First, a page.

It was first demonstrated that tail wounding triggered neutrophil recruitment. Neutrophil migration in the wounded/vehicle control group significantly increased (p < 0.001) compared to unwounded/vehicle control, and wounding in the PFOA treatment (0.5 mg/L) significantly induced neutrophil migration (p = 0.014) compared to unwounded/PFOA control (Additional file 1: Figure S1). This control study confirmed the zebrafish chemotaxis assay as a functional assay leading to neutrophil recruitment to the wound site. In this control experiment, a secondary count of all neutrophils was conducted in the trunk and tail region. These data suggest that there was no systemic difference in neutrophil number across treatments (with and without wounding), although a low number of embryos was included in this analysis (Additional file 1: Figure S1).
Further zebrafish chemotaxis experiments utilizing 15–20 embryos per treatment and a high (5.0 mg/L) and low (0.5 mg/L) concentration of PFOA were conducted (with a total of three replicate experiments). Concentrations of PFOA (0.5 and 5.0 mg/L) were 60- and 6-fold below the lowest experimental concentration causing sublethal effects, and 400- and 40-fold below the LC50, respectively. Results showed a concentration-responsive trend of decreasing neutrophil recruitment with increasing PFOA concentration (Fig. 2). The number of neutrophils at the wound site was reduced 1.4-fold in the 0.5 mg/L PFOA treated embryos and 1.8-fold in the 5.0 mg/L PFOA treated embryos. The effect of PFOA on neutrophils was statistically significant (one-way ANOVA, p = 3.96e-06). The Tukey (multiple comparison) post-hoc analysis showed that both PFOA treatments were different from control, with p = 0.0025 for 0.5 mg/L and p < 0.0001 for 5.0 mg/L. PFOA treatments were not significantly different from each other, although the increase in PFOA concentration from 0.5 to 5.0 mg/L reduced neutrophil accumulation at the wound site by 1.3-fold.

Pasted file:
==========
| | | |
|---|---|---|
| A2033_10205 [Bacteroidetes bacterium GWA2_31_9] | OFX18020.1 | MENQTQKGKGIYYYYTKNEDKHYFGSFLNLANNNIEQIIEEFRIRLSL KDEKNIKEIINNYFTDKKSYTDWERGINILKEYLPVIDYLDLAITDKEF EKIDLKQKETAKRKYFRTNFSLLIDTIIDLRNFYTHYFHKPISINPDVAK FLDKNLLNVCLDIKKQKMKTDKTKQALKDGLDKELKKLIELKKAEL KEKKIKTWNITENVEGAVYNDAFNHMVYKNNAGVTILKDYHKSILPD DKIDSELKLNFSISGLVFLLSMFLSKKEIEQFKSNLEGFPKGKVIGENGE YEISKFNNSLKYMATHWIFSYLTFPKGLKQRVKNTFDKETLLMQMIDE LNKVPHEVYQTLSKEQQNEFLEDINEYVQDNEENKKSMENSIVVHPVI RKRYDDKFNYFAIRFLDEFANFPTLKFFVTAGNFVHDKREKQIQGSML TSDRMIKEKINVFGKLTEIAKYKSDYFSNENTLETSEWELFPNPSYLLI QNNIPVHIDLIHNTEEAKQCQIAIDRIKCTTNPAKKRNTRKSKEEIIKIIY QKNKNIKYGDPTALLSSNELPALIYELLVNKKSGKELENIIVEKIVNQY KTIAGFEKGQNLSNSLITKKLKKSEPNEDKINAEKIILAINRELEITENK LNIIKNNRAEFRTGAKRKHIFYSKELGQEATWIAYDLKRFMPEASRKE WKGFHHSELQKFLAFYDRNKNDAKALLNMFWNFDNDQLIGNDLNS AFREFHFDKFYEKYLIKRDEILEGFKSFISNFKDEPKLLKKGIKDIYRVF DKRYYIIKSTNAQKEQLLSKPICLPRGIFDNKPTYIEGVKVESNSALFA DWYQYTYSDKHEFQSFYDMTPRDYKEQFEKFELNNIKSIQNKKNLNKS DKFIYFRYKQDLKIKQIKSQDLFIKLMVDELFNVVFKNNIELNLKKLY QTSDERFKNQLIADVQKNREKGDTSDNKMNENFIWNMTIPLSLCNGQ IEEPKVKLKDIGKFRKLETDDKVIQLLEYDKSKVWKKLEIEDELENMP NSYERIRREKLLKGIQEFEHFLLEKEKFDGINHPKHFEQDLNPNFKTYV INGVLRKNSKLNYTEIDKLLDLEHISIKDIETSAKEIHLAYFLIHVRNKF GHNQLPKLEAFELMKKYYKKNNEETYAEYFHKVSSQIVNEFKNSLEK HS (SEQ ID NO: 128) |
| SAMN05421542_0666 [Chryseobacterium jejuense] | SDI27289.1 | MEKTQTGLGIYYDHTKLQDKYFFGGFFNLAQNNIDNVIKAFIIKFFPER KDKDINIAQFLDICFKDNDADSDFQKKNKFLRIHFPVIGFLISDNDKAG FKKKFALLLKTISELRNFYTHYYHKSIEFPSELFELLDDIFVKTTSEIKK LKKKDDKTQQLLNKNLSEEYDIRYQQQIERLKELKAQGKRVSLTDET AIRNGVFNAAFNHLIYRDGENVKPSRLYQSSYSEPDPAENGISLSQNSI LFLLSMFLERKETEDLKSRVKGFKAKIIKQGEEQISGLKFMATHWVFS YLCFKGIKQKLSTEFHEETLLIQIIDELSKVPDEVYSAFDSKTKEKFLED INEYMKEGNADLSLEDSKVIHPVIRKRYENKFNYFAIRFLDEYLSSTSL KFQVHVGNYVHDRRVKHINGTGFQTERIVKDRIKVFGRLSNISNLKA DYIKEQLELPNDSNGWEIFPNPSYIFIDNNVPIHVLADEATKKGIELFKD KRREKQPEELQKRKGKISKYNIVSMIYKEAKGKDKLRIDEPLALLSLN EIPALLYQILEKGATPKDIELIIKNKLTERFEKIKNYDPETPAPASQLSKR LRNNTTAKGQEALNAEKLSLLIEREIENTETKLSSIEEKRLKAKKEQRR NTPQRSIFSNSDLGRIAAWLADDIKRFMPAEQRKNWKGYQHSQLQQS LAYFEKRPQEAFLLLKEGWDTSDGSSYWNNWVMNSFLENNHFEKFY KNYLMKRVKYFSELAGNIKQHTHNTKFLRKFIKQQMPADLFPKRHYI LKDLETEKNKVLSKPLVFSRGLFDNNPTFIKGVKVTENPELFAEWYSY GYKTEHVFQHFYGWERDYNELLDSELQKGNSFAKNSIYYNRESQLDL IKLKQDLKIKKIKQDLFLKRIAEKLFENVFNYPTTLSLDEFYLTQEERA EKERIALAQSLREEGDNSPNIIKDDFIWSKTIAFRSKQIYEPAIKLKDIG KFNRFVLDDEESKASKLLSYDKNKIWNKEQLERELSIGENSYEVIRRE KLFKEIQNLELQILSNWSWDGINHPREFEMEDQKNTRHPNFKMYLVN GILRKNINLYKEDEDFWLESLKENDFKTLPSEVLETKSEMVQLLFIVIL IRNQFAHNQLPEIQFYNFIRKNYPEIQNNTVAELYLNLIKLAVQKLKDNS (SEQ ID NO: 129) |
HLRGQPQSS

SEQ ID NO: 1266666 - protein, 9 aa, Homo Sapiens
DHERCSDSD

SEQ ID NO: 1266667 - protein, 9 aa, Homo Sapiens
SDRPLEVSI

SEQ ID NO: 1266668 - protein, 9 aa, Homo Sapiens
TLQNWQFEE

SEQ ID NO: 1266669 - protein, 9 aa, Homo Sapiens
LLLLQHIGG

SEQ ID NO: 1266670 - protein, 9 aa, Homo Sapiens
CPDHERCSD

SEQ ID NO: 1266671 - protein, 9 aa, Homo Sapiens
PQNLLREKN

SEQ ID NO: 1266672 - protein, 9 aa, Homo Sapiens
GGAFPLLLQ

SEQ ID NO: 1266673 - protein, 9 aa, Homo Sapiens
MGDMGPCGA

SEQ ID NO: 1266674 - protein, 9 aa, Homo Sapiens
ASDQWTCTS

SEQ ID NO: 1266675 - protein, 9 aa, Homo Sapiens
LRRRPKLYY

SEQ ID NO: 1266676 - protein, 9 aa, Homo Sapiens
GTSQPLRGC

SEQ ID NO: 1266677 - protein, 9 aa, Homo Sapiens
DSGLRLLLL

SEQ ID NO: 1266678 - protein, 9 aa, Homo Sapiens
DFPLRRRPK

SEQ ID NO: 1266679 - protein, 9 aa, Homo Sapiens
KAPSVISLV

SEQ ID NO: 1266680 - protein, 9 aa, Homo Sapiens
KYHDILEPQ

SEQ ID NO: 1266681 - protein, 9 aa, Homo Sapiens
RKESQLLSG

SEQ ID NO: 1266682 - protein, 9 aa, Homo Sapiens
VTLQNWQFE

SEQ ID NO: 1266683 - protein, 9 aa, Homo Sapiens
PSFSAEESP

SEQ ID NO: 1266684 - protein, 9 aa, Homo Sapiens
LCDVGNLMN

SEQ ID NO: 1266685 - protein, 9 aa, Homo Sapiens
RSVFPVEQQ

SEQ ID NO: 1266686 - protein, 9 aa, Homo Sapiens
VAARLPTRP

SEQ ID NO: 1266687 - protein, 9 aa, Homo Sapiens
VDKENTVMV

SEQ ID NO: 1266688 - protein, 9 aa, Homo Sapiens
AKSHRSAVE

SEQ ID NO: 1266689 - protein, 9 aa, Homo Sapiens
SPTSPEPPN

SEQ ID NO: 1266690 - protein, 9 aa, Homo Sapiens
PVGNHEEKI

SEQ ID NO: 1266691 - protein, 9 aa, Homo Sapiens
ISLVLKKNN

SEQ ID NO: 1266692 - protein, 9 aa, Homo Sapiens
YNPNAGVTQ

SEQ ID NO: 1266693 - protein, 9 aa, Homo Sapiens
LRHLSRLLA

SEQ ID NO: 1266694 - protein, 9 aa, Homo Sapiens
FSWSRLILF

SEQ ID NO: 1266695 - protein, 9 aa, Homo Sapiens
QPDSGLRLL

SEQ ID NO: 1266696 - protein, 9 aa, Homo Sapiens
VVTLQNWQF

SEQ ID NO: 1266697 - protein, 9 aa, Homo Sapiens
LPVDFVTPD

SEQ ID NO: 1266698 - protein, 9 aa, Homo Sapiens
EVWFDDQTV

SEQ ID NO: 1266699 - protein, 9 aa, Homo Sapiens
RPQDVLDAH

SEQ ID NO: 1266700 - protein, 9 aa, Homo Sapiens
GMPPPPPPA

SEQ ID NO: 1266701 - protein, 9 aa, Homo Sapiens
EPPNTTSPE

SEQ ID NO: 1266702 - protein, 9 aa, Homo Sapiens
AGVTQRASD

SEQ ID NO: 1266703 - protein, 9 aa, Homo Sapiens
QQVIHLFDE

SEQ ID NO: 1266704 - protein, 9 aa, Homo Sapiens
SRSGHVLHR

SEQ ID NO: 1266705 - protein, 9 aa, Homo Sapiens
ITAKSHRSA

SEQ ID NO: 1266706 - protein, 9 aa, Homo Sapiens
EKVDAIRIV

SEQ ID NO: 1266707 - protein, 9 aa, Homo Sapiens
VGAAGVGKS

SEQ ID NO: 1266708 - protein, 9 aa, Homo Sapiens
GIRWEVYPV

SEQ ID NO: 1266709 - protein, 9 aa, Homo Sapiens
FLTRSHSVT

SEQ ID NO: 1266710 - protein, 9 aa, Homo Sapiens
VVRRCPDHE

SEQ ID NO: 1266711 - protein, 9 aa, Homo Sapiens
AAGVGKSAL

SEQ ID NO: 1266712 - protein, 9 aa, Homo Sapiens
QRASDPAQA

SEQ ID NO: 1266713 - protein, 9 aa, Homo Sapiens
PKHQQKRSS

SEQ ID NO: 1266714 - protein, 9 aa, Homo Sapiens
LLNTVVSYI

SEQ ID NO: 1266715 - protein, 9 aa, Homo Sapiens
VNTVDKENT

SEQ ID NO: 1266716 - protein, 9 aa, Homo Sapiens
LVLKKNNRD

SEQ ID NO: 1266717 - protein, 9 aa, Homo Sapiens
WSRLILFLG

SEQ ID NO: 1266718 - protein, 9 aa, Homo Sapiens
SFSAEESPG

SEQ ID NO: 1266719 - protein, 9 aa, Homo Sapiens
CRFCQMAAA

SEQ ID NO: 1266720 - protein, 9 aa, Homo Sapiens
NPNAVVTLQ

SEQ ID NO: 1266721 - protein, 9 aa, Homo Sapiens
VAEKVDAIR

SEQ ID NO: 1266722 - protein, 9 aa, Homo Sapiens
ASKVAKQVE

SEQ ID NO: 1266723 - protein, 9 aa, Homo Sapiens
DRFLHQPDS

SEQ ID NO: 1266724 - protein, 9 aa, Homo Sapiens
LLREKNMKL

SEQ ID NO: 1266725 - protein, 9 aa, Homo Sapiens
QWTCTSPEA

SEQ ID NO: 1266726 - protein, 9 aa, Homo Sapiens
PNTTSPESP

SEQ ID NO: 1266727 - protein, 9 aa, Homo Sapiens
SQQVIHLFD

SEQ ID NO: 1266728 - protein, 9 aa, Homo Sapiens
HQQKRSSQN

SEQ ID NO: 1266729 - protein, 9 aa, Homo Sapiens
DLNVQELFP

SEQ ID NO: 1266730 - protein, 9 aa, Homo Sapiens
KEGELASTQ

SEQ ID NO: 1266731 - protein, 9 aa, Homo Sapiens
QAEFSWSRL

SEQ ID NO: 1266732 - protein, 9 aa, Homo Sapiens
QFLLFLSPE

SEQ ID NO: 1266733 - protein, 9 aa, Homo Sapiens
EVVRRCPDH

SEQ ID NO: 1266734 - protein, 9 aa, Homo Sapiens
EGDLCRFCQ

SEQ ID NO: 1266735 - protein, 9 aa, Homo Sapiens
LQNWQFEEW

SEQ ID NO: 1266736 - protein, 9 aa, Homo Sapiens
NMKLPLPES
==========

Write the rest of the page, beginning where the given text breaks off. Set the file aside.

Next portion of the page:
Utilizing the zebrafish chemotaxis assay coupled with in situ hybridization, this study identified an adverse phenotype of reduced neutrophil clustering at the wound site from 48 h exposure to both 0.5 and 5 mg/L PFOA. This demonstrates that the developing embryo is sensitive to PFOA exposure and that PFOA can modify the innate immune system in vivo during embryonic development.